In preparation for President Obama’s State of the Union speech on Feb. 12 Scott Paul, president of the Alliance for American Manufacturing (AAM), wants to make sure that the President keeps his promise to create 1 million new manufacturing jobs in his second term.
In a letter to the President he suggested some policy measures that would do the trick.
Here is a sampling of a few.
Enforcing Our Trade Agreements
- Keep our trade laws strong and strictly enforced. Refocus the trade agenda by giving American businesses new tools to counter currency manipulation, industrial subsidies, intellectual property theft, and barriers to market access by our trading partners.
- Ensure that the proposed Trans-Pacific Partnership includes measures to prohibit trade-distorting currency manipulation and the market-distorting impacts of state-owned enterprises.
- Convene a multilateral meeting to address global imbalances and, in particular, China’s mercantilism. If China doesn't agree to participate, designate it a currency manipulator. China ships more than one-quarter of its exports to the U.S. and finances less than 10% of our public debt, so we have more leverage than some might suggest. As your Administration works to double American exports, ensure that trade deficit reduction receives a higher priority. Lowering the trade deficit and creating manufacturing jobs will have a positive impact on federal revenues and will reduce the federal budget deficit.
Keeping it American-made
- Apply "Buy America" provisions to all federal procurement and to federal-aid infrastructure projects that benefit from Americans’ hard-earned tax dollars. Doing so will ensure that tax dollars are reinvested within our economy and that American jobs are created.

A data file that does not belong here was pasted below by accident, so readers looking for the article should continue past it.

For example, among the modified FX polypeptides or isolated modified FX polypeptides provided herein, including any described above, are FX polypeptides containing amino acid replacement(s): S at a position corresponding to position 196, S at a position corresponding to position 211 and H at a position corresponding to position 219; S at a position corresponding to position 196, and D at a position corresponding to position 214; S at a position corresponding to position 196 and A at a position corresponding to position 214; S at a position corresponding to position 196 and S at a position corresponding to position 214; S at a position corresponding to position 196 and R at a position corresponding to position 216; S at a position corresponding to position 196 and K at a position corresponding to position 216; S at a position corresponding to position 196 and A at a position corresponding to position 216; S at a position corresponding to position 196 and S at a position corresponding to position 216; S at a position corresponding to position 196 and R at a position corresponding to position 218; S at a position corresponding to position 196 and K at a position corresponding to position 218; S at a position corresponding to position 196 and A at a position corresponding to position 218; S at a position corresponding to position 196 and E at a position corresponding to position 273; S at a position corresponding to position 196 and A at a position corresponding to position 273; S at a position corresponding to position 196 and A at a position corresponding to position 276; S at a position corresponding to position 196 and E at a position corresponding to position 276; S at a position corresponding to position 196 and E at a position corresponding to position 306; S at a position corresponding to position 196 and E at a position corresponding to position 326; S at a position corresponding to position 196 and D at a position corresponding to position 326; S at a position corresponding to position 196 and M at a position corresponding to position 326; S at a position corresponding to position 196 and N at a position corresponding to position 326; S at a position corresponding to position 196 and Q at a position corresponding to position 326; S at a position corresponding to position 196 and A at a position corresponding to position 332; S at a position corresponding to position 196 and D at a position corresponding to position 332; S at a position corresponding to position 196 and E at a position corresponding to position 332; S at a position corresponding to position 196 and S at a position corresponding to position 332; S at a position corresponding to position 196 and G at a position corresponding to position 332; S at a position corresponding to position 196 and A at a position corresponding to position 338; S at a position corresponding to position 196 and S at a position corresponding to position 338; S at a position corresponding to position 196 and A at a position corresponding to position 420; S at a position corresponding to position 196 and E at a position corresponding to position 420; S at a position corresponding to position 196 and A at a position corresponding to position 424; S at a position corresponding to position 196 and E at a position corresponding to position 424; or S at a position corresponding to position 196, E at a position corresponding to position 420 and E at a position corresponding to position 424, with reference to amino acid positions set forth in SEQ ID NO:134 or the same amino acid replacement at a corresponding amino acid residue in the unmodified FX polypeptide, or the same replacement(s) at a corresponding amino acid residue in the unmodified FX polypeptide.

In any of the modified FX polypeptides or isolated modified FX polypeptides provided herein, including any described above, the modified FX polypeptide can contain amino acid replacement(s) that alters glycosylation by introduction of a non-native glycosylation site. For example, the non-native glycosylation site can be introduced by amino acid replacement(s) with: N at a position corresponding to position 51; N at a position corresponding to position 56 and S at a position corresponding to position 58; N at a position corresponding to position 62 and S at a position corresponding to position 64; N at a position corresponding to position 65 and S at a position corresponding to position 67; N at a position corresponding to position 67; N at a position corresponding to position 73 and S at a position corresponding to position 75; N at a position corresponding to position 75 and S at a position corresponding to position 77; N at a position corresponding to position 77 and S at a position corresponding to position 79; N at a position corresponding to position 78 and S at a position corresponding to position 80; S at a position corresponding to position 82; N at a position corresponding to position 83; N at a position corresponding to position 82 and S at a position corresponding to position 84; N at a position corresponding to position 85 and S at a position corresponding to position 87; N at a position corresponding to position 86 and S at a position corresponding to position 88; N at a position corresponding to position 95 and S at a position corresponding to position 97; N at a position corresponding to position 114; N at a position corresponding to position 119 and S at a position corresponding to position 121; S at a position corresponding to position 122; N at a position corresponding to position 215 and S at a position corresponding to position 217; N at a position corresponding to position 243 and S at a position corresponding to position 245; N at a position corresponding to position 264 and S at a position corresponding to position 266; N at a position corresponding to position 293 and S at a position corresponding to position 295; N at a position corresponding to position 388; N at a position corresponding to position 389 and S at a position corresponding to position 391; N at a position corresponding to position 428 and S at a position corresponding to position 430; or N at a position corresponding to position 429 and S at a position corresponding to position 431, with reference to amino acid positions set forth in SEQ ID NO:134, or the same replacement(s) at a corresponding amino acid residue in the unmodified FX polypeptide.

- Direct the Department of Defense to leverage existing procurement to contractors that commit to increasing their domestic content of our military equipment, technology, and supplies. This should commence with a top-to-bottom assessment of our defense industrial base to identify potential vulnerabilities or gaps where production of critical items and materials are at risk of no longer being sourced domestically.
Promoting Domestic Manufacturing
- Reshape the tax code in a revenue-neutral way to provide incentives for job creation and inward investment. Research and development tax credits should help firms that not only innovate in America, but also make their products here. We should lower tax rates for manufacturing activity in America and expand up-front expensing for plant and equipment purchases.
- Devote additional educational investment to rebuilding our vocational and technical skills programs, which would address potential shortages of qualified workers needed in the manufacturing sector.
To read about the entire 13-point plan click here.
To read the full letter click here.